It’s been around a month since we have all been home with our children.  In the beginning, it may have been fun – you are ALL set to help teach them at home.  However, as the weeks dragged on, the wonderful teachers out there started using a variety of methods to continue learning.

Regardless of what you received from the school, you are probably not sure what to do and many people are looking to the home school community.  While there are many insights to be gleaned from them, home schooling does not look like “crisis schooling”, and I’ll address that in an upcoming post.  Nonetheless, let’s look at different methods of teaching that can be done in your home, so you can adapt to what works best for your children.  

School-at-home:

From listening to our clients, this method is what many people are trying to replicate.  This method, as the name implies, sets up your home learning environment to mimic your child’s classroom.  There’s a dedicated area that has a whiteboard, a desk or table for each student, maybe some posters.  Most likely there’s agenda of what to do each hour to ensure that no education is lost during this time.  Who benefits the most:  a child who thrives on structure, although this type of child probably set up the system themselves (I know I did when I was in school 😊 )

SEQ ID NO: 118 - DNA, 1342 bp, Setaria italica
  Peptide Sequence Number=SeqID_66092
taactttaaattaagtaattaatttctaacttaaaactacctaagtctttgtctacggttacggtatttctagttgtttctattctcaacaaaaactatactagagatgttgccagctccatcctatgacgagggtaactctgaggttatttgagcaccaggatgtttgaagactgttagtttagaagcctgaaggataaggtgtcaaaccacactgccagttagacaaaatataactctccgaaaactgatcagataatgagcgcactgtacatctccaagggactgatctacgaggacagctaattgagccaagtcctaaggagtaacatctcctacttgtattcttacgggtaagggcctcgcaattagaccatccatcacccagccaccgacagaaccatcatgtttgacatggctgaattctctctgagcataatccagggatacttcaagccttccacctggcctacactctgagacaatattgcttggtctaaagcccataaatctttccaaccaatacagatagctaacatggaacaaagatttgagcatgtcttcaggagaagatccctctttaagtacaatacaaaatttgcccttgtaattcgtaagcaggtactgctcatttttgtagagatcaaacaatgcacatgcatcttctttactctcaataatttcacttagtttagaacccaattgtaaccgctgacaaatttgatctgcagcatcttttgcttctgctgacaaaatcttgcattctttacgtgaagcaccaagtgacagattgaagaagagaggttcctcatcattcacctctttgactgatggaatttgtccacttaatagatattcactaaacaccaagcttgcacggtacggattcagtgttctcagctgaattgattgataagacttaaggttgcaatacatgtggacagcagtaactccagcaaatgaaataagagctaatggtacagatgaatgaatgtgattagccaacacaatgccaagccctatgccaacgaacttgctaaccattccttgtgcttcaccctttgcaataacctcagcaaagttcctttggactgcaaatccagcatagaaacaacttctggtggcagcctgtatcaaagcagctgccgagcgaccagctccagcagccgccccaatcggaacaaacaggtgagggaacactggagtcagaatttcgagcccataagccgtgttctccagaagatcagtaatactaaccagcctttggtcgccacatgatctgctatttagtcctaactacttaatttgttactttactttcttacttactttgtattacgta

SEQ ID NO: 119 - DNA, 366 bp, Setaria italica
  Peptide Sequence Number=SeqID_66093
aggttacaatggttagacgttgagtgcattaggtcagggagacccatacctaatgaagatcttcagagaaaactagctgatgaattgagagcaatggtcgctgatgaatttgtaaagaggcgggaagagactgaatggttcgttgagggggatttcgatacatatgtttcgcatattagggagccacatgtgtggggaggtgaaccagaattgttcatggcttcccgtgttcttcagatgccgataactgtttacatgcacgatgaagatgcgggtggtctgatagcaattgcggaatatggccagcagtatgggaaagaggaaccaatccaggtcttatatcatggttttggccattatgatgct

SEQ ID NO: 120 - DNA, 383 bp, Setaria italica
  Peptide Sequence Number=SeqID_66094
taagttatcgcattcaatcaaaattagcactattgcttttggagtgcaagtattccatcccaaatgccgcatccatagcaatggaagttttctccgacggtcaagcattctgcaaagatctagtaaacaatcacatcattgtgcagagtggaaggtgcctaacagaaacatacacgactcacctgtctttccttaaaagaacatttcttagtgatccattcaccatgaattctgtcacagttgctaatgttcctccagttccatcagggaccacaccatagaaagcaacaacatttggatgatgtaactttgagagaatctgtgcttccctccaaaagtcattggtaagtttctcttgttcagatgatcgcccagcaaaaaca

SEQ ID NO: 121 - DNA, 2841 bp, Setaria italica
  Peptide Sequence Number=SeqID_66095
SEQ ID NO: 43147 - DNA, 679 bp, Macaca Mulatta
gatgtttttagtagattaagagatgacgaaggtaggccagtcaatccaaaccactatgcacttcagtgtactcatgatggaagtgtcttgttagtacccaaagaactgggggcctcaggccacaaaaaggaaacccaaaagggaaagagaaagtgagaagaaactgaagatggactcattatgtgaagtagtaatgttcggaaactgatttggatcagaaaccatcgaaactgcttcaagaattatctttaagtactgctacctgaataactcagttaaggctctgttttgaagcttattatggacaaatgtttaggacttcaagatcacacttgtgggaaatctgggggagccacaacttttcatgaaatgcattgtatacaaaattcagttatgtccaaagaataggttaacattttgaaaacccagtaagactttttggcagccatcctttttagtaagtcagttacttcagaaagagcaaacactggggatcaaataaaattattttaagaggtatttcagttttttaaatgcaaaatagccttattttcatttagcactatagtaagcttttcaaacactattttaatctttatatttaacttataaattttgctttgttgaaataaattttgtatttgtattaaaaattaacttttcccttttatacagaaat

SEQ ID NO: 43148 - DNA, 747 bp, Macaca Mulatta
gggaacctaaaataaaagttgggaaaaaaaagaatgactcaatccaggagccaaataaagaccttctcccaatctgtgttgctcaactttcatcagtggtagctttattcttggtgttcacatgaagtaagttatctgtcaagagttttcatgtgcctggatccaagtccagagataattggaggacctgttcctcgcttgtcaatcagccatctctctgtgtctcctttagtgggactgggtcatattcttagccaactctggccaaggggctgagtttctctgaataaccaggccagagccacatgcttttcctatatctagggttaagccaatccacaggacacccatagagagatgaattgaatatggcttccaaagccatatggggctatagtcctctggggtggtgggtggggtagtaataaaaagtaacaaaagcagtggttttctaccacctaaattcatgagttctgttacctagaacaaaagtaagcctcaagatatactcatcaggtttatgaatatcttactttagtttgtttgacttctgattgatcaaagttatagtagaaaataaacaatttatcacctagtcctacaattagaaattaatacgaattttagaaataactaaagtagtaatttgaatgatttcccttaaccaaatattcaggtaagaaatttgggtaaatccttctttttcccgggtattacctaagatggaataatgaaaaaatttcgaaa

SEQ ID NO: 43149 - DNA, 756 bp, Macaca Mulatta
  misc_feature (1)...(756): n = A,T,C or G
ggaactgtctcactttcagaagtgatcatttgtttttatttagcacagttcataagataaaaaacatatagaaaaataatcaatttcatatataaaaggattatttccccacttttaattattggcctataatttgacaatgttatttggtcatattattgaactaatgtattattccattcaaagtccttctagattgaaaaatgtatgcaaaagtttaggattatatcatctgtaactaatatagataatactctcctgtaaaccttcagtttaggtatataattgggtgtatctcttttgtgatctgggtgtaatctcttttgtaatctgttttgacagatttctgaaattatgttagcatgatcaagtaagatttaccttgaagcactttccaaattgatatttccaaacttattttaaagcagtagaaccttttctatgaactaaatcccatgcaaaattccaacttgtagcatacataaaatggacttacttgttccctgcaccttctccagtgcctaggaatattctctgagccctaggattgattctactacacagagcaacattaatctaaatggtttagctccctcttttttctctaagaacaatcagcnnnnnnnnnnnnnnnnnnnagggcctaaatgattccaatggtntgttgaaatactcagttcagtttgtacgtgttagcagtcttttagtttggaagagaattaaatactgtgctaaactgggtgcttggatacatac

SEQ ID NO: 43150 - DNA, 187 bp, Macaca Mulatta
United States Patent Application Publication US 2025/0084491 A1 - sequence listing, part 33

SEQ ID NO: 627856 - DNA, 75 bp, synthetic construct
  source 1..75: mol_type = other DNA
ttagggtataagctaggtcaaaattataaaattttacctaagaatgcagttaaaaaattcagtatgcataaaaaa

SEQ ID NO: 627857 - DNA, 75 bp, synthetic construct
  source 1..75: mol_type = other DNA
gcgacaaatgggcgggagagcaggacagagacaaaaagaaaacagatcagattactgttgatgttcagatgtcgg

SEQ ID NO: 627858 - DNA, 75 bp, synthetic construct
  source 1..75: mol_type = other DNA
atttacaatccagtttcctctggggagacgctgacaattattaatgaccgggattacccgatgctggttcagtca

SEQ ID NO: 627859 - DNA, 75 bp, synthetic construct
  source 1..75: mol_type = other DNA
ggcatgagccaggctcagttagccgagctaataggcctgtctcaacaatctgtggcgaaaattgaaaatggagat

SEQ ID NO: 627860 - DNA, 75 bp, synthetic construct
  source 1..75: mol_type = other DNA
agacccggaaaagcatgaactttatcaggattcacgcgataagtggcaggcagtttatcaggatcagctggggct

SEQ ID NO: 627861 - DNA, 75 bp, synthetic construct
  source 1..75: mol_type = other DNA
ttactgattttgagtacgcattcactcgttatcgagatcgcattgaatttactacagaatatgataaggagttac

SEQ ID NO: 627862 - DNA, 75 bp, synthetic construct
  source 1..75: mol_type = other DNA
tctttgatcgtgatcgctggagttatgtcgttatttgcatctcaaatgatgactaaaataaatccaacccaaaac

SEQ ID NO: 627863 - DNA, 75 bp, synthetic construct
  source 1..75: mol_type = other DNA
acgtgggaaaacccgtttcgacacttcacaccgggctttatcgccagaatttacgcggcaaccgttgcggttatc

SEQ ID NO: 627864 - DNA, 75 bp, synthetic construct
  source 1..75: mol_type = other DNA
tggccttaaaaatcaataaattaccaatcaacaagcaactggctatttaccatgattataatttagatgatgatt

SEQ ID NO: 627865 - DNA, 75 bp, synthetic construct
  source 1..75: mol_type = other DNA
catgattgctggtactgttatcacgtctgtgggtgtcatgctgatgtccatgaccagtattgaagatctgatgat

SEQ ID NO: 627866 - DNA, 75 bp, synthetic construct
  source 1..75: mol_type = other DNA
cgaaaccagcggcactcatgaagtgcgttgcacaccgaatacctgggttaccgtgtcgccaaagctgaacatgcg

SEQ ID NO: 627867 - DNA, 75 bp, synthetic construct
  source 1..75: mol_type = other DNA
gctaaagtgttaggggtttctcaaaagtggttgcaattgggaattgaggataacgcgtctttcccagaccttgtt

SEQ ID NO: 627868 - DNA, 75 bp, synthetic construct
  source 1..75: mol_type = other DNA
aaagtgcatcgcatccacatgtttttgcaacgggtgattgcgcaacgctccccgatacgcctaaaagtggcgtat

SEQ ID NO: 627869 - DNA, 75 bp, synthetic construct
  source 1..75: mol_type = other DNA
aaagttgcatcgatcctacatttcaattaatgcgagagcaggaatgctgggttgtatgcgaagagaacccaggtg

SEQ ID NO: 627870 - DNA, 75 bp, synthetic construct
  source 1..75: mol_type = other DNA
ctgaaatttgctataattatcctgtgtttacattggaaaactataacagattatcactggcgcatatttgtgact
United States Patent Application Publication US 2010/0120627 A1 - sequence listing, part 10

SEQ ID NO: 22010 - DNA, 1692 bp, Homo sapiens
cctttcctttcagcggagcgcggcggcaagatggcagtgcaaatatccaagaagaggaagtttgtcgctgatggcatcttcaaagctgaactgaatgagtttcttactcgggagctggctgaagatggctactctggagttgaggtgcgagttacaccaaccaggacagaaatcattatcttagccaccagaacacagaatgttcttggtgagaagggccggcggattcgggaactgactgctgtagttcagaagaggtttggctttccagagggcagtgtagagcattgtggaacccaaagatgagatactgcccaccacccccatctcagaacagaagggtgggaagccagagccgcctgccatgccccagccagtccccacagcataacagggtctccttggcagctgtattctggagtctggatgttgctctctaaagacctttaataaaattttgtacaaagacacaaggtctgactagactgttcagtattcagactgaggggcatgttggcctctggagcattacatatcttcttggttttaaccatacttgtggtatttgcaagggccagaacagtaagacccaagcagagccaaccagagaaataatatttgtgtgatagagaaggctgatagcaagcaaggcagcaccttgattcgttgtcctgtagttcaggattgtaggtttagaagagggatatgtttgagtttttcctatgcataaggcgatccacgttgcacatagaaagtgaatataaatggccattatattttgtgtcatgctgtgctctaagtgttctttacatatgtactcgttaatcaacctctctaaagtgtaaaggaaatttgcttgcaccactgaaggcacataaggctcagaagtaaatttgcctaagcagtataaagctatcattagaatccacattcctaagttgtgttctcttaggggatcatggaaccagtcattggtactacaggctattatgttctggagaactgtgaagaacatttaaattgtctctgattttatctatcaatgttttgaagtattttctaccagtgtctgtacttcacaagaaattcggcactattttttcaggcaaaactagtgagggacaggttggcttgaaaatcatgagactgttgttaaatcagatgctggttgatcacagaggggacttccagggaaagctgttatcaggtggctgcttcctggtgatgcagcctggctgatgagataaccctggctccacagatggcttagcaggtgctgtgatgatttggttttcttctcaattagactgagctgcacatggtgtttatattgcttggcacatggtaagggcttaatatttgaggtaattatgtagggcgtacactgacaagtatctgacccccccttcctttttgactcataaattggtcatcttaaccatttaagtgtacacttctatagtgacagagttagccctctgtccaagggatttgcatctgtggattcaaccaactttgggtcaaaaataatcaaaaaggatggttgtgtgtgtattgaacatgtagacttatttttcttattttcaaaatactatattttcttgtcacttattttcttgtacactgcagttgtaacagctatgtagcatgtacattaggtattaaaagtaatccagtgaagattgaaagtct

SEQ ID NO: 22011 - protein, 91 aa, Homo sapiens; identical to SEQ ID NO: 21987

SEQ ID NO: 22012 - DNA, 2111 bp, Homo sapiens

Unschooling:

On the other end of the spectrum, this method focuses on “child-lead” learning.  Many think that this means the child doesn’t do anything all day except watch TV or play video games.  However, it really means that you give your child as many opportunities to introduce new topics and when they show interest, you provide the tools for them to learn more.  This is an excellent way to teach during the crisis with so many organizations having free online lessons.  Some of my favorites can be found at another post https://read2day.com/online-resources-to-add-excitement-to-your-time-at-home Who benefits the most: a child who doesn’t like “school” or thinks school is boring. 

Eclectic Home Schooling:

This method is a mix of the first two, and what I use with my own children.  We do some worksheets/formal schooling, but most of what we do are based on their interests.  Then I “sneak” in the “boring” things, but they never know it.  Who benefits the most:  a child who needs some structure but still enjoys learning different things.

No matter what you do, it will help your child keep up their education and keep learning.  This crisis is a perfect opportunity to learn that learning does not only exist in a classroom but rather is all around us. 

If you would like help in this journey, Reading Escapades & Math Explorers is now offering Quarantine Schooling Helpers – the best of our tutors who can assist you in helping your child be the best they can be.  Contact us  today about this new service

Leave a Comment